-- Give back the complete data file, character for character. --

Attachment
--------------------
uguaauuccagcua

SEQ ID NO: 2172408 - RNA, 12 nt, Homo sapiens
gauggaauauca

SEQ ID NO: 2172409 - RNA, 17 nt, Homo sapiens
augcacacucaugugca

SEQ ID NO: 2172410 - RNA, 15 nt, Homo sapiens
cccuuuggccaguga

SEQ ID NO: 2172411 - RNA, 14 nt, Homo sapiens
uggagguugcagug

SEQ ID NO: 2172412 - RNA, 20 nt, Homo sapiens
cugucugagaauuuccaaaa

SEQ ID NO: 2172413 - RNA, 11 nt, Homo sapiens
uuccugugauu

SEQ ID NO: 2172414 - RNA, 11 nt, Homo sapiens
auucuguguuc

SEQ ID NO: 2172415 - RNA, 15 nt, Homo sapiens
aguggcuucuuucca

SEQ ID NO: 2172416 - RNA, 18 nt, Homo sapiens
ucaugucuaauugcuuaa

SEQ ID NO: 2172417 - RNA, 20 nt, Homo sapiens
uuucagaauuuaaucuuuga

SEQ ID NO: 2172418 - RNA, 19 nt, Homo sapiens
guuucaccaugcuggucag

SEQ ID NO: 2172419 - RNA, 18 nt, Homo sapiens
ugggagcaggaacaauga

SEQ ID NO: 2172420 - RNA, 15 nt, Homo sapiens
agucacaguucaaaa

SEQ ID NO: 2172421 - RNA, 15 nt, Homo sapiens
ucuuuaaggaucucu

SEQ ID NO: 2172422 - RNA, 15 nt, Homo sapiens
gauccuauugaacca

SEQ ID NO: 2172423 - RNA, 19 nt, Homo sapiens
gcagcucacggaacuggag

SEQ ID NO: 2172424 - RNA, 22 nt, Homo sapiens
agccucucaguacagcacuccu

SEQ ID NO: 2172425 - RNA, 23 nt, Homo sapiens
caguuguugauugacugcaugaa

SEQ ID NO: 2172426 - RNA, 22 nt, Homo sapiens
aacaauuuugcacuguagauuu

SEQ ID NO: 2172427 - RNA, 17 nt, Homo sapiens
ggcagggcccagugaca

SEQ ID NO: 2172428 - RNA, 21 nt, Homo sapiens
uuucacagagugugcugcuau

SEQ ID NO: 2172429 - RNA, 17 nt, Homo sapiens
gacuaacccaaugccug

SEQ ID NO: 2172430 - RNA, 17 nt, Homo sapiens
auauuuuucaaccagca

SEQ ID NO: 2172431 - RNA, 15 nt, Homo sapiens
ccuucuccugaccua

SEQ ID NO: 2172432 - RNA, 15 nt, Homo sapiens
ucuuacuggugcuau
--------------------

uguaauuccagcua

SEQ ID NO: 2172408 - RNA, 12 nt, Homo sapiens
gauggaauauca

SEQ ID NO: 2172409 - RNA, 17 nt, Homo sapiens
augcacacucaugugca

SEQ ID NO: 2172410 - RNA, 15 nt, Homo sapiens
cccuuuggccaguga

SEQ ID NO: 2172411 - RNA, 14 nt, Homo sapiens
uggagguugcagug

SEQ ID NO: 2172412 - RNA, 20 nt, Homo sapiens
cugucugagaauuuccaaaa

SEQ ID NO: 2172413 - RNA, 11 nt, Homo sapiens
uuccugugauu

SEQ ID NO: 2172414 - RNA, 11 nt, Homo sapiens
auucuguguuc

SEQ ID NO: 2172415 - RNA, 15 nt, Homo sapiens
aguggcuucuuucca

SEQ ID NO: 2172416 - RNA, 18 nt, Homo sapiens
ucaugucuaauugcuuaa

SEQ ID NO: 2172417 - RNA, 20 nt, Homo sapiens
uuucagaauuuaaucuuuga

SEQ ID NO: 2172418 - RNA, 19 nt, Homo sapiens
guuucaccaugcuggucag

SEQ ID NO: 2172419 - RNA, 18 nt, Homo sapiens
ugggagcaggaacaauga

SEQ ID NO: 2172420 - RNA, 15 nt, Homo sapiens
agucacaguucaaaa

SEQ ID NO: 2172421 - RNA, 15 nt, Homo sapiens
ucuuuaaggaucucu

SEQ ID NO: 2172422 - RNA, 15 nt, Homo sapiens
gauccuauugaacca

SEQ ID NO: 2172423 - RNA, 19 nt, Homo sapiens
gcagcucacggaacuggag

SEQ ID NO: 2172424 - RNA, 22 nt, Homo sapiens
agccucucaguacagcacuccu

SEQ ID NO: 2172425 - RNA, 23 nt, Homo sapiens
caguuguugauugacugcaugaa

SEQ ID NO: 2172426 - RNA, 22 nt, Homo sapiens
aacaauuuugcacuguagauuu

SEQ ID NO: 2172427 - RNA, 17 nt, Homo sapiens
ggcagggcccagugaca

SEQ ID NO: 2172428 - RNA, 21 nt, Homo sapiens
uuucacagagugugcugcuau

SEQ ID NO: 2172429 - RNA, 17 nt, Homo sapiens
gacuaacccaaugccug

SEQ ID NO: 2172430 - RNA, 17 nt, Homo sapiens
auauuuuucaaccagca

SEQ ID NO: 2172431 - RNA, 15 nt, Homo sapiens
ccuucuccugaccua

SEQ ID NO: 2172432 - RNA, 15 nt, Homo sapiens
ucuuacuggugcuau